Long an important resource, San Solomon Springs was likely visited by Spanish explorer Antonio de Espejo in 1583. Centuries later, settlers arrived in the arid region, built irrigation ditches, and began farming. In the early 20th century engineer and manager E.D. Balcom joined with investors H.R. Morrow, Joe Rhea, and John Rhea to form an irrigation company and in the process gave the town its name (Bal-mor-rhea). Seeing the headwaters of San Solomon Springs as an attractive location for a park, the State Parks Board acquired the land in 1934. The next year, the CCC began construction of a huge double-wing swimming pool at those headwaters.
Using local limestone and adobe bricks, the enrollees of Company 1856, largely area residents, soon completed roads, buildings, bridges, and irrigation conduits throughout the forty-six-acre park. Architect William G. Wuehrman led a team of architects that included Olin Boese, Paul E. Pressler, George T. Patrick, and F. W. Digby-Roberts through the planning and design phases. They were funded by the National Park Service and employed by the State Parks Board. Among the notable buildings are the caretaker’s residence and San Solomon Courts. A paean to early automobilists traveling on U.S. Highway 290, the courts were distinctive one-story, red tile-roofed, white-plastered adobe brick cabins that had garages in each of the eighteen units. Soon after Company 1856 left in January 1940, Balmorhea State Park had become both a center for travelers touring the region by car and a gateway stop for those heading to the Davis Mountains.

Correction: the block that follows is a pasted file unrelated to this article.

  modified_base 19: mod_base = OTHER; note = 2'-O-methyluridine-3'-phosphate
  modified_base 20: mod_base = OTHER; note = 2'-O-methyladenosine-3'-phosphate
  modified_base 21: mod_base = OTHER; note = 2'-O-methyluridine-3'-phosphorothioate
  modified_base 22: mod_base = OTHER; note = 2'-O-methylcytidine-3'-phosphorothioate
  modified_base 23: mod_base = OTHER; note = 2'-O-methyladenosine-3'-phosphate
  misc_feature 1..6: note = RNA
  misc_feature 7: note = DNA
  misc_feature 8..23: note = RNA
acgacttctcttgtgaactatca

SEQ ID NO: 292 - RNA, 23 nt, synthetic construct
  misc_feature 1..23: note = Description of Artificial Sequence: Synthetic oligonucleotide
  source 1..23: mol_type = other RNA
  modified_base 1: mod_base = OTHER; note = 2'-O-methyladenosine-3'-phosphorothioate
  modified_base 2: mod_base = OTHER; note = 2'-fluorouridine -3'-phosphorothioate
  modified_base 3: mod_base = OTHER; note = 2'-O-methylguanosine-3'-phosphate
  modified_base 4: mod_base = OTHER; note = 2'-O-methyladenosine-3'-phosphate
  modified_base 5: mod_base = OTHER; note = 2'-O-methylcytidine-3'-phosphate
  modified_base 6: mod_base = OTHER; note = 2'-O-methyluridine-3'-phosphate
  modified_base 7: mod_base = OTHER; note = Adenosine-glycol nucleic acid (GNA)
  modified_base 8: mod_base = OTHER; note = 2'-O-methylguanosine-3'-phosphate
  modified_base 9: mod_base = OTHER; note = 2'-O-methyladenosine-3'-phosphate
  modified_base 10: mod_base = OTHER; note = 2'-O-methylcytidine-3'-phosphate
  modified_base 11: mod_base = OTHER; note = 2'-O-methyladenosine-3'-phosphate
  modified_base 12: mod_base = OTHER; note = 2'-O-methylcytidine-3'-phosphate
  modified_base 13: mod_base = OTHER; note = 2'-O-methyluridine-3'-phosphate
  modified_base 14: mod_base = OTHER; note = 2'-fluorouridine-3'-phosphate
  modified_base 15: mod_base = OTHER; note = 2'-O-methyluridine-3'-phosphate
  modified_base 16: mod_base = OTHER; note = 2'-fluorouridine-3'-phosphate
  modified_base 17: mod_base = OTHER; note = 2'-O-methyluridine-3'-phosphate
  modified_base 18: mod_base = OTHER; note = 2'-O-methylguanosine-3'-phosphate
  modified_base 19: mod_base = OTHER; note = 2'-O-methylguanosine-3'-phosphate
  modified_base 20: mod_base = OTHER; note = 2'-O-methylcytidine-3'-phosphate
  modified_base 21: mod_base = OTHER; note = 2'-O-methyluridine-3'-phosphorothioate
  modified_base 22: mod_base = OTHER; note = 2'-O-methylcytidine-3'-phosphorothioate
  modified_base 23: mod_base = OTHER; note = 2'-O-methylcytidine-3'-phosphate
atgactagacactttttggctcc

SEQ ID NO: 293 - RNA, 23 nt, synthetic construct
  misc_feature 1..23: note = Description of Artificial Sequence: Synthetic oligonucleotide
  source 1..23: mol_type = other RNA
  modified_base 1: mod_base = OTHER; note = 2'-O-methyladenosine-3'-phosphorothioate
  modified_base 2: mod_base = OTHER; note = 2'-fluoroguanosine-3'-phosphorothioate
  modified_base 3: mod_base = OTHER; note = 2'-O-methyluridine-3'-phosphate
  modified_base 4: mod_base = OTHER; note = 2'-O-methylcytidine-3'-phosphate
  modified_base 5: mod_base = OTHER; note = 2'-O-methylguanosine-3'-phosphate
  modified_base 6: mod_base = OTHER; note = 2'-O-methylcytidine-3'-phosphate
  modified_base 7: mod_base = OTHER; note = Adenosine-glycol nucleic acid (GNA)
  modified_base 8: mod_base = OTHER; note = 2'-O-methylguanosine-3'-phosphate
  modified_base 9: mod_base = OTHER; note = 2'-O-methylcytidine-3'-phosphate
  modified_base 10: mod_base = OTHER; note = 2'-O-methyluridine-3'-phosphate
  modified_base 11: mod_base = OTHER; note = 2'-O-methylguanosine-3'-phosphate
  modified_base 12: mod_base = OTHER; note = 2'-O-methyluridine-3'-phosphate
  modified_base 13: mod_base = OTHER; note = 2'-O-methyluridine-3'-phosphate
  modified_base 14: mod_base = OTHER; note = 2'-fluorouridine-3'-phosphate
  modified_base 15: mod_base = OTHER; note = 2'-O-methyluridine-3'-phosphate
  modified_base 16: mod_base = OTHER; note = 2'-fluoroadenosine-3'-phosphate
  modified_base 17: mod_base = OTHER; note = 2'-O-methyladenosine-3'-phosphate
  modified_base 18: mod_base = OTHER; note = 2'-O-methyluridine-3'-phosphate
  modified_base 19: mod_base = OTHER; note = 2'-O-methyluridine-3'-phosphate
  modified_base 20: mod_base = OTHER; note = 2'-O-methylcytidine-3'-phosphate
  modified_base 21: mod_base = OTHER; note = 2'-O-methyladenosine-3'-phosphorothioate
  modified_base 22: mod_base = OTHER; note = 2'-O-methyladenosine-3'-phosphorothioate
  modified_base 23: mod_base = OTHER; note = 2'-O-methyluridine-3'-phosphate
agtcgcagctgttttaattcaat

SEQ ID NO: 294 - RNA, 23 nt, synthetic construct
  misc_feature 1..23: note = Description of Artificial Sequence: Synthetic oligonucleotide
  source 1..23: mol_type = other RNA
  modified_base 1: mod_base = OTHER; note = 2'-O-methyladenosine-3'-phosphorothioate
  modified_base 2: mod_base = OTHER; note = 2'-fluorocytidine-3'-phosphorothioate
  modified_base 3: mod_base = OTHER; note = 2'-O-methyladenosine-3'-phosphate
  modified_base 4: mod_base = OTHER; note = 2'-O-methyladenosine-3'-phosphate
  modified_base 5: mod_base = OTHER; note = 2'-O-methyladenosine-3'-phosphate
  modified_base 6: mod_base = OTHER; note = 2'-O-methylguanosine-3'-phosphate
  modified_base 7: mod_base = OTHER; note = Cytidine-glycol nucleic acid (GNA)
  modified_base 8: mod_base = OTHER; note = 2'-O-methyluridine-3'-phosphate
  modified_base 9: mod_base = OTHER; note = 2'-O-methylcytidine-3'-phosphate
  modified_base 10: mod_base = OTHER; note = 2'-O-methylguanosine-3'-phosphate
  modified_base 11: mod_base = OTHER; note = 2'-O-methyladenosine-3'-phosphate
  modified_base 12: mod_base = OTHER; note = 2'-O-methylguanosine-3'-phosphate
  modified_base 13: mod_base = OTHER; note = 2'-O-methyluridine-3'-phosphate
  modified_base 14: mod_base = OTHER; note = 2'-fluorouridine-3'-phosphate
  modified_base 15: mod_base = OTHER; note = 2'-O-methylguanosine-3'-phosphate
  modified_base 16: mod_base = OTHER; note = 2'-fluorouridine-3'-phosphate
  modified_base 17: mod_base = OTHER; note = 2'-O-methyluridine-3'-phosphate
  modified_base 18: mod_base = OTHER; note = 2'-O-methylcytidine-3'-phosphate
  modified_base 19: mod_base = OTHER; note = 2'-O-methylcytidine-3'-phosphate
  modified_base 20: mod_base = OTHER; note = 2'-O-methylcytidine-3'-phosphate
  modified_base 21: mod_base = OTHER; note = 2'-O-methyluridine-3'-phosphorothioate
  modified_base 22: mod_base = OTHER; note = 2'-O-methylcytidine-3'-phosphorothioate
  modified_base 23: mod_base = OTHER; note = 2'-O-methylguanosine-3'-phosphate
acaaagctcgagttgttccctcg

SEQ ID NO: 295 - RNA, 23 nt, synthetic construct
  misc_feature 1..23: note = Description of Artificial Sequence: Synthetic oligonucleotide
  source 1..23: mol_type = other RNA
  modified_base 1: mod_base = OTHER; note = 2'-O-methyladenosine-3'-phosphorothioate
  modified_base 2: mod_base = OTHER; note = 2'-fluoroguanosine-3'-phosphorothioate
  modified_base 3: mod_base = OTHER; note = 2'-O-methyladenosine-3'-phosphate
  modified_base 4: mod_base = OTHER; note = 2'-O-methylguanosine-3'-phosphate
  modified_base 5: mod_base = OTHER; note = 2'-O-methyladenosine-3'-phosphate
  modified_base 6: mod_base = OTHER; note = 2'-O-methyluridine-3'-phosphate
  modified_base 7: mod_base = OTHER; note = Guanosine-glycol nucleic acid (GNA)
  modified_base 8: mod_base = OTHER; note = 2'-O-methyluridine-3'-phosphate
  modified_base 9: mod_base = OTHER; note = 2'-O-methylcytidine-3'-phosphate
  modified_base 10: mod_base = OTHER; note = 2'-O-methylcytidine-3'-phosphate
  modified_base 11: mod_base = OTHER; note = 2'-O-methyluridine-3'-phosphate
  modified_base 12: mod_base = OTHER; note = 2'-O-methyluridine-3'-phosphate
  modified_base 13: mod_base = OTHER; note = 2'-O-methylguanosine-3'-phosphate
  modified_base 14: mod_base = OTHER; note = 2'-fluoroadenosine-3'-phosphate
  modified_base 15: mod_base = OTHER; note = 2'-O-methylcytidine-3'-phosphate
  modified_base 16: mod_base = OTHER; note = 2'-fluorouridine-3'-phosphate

- Park Location
- Reeves County, State Highway 17 at Park Road 30 in Toyahvale
- CCC Company
- Activity Dates
- CCC Construction
- Park Road 30, Entrance Portals, Combination Building, Bath Houses, Cabins (San Solomon Courts), Pergolas, Shelters, Pool, Pump House, Fences, Retaining Walls, Vehicle and Foot Bridges, Pool Drain Conduit, and Caretaker’s Residence
- See all objects related to Balmorhea State Park
- Learn More
- Park information from Texas Parks and Wildlife website